OOPS! Production Stopped and You Even Have a DR Plan!

By Pat McGrew / Published:

Raise your hand if you have a Disaster Recovery Plan. Now raise your hand if you practice that plan at least once a year. For many companies, the Disaster Recovery Plan was put together in the past to check the box on RFPs, but if you aren’t practicing with it and updating it in a regular cadence, you may be missing key elements. The wrong time to verify the viability of your plan is when you need it, so let’s look at the things that can blow up your carefully crafted plan.

Let’s start by separating the concepts of disaster recovery and business continuity. Disaster Recovery is a restoration process for IT infrastructure, data, data access, and processing capabilities. Business continuity focuses on what is needed to keep a company operating. Notice that the causes of the disruption and the time frame are not part of the base concept. That is because disruption can come from any direction at any time of the day or night. It’s like Mr. Mayhem on insurance commercials. The best practice is to have a plan for both, not one or the other, so this is a two-part piece.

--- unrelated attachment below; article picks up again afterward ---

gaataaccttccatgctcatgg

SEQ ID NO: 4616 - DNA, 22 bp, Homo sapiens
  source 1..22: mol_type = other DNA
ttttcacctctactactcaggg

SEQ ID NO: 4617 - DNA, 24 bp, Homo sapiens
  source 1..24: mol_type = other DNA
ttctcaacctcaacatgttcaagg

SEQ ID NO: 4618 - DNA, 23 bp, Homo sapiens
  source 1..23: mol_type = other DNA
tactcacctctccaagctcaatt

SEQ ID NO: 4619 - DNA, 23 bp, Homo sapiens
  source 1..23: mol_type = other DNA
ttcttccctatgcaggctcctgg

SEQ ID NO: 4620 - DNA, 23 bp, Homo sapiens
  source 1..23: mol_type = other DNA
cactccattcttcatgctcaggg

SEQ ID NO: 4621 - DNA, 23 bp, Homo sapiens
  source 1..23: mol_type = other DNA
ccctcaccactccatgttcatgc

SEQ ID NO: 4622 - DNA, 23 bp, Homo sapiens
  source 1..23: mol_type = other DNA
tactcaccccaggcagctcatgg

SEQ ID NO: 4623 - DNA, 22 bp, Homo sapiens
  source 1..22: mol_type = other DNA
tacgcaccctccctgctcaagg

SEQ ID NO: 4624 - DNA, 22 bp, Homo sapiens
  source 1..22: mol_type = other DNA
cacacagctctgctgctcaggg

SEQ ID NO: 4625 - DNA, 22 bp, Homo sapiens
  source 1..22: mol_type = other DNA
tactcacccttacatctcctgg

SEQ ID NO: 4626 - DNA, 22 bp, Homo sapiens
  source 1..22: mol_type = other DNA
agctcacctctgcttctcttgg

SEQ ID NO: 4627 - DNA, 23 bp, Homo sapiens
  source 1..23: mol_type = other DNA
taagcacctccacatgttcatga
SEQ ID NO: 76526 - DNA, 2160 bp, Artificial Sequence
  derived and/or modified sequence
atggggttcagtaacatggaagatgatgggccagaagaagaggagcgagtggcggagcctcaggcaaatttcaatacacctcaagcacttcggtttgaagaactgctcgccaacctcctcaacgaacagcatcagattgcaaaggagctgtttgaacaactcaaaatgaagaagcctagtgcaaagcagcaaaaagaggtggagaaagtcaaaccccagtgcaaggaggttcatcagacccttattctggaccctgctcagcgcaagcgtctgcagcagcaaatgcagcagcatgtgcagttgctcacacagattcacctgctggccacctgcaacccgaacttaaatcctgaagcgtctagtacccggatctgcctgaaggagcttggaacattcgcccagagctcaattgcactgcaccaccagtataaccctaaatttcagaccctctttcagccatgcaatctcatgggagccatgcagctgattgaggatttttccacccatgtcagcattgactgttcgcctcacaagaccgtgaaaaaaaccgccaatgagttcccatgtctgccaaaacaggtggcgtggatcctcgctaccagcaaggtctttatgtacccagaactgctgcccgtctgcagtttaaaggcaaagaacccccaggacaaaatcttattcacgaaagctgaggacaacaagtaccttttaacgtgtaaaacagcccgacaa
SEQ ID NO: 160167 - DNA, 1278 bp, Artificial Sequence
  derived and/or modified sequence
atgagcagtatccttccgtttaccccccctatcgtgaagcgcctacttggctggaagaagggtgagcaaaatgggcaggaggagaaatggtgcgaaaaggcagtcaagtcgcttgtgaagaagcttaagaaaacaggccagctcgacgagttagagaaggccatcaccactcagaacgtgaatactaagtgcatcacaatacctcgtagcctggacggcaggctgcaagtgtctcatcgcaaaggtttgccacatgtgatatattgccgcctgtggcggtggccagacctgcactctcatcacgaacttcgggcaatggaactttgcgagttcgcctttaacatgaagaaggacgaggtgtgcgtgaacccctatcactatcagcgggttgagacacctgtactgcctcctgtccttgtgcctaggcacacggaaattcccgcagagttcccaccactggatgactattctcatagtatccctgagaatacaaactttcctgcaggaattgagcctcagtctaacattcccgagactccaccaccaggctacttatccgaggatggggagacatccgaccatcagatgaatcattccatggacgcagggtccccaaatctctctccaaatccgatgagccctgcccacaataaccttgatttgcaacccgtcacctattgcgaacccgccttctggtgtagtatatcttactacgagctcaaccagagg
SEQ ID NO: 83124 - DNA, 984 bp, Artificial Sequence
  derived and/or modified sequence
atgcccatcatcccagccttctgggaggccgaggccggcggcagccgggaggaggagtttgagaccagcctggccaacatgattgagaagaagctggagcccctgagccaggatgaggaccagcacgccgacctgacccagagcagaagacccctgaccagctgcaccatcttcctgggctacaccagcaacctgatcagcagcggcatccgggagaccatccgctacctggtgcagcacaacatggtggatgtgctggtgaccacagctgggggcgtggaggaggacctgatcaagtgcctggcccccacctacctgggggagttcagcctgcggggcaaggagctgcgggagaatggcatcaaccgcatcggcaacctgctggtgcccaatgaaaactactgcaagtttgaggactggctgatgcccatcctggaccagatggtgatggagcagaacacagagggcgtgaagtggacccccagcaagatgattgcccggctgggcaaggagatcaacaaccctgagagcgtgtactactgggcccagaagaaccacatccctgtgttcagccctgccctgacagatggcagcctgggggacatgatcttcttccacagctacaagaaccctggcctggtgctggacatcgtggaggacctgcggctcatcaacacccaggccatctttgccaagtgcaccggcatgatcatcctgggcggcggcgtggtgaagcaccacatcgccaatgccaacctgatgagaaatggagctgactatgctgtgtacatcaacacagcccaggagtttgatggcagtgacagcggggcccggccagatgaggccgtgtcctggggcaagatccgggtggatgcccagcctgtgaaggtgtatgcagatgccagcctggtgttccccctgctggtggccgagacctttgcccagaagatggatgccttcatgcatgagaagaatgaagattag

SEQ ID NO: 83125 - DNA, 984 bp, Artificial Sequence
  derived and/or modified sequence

The cause of the disruption will inform the approach you take as you begin the DR process but remember that it may be something you never imagined. While you may be the victim of an earthquake, hurricane, flood, or fire, it is as likely that your event will be set off by a power line being cut during a construction project 100 miles away or a fiber optic line sliced by equipment 400 miles away, or a gas line cut on the other side of your industrial park. A crane lifting heavy equipment into the building could fail, dropping the weight through your roof. It doesn’t take much imagination to create dozens of scenarios that result in loss of power, internet, water, or access.

Now imagine that you are on the outside and you can’t get inside.

The Obvious DR Elements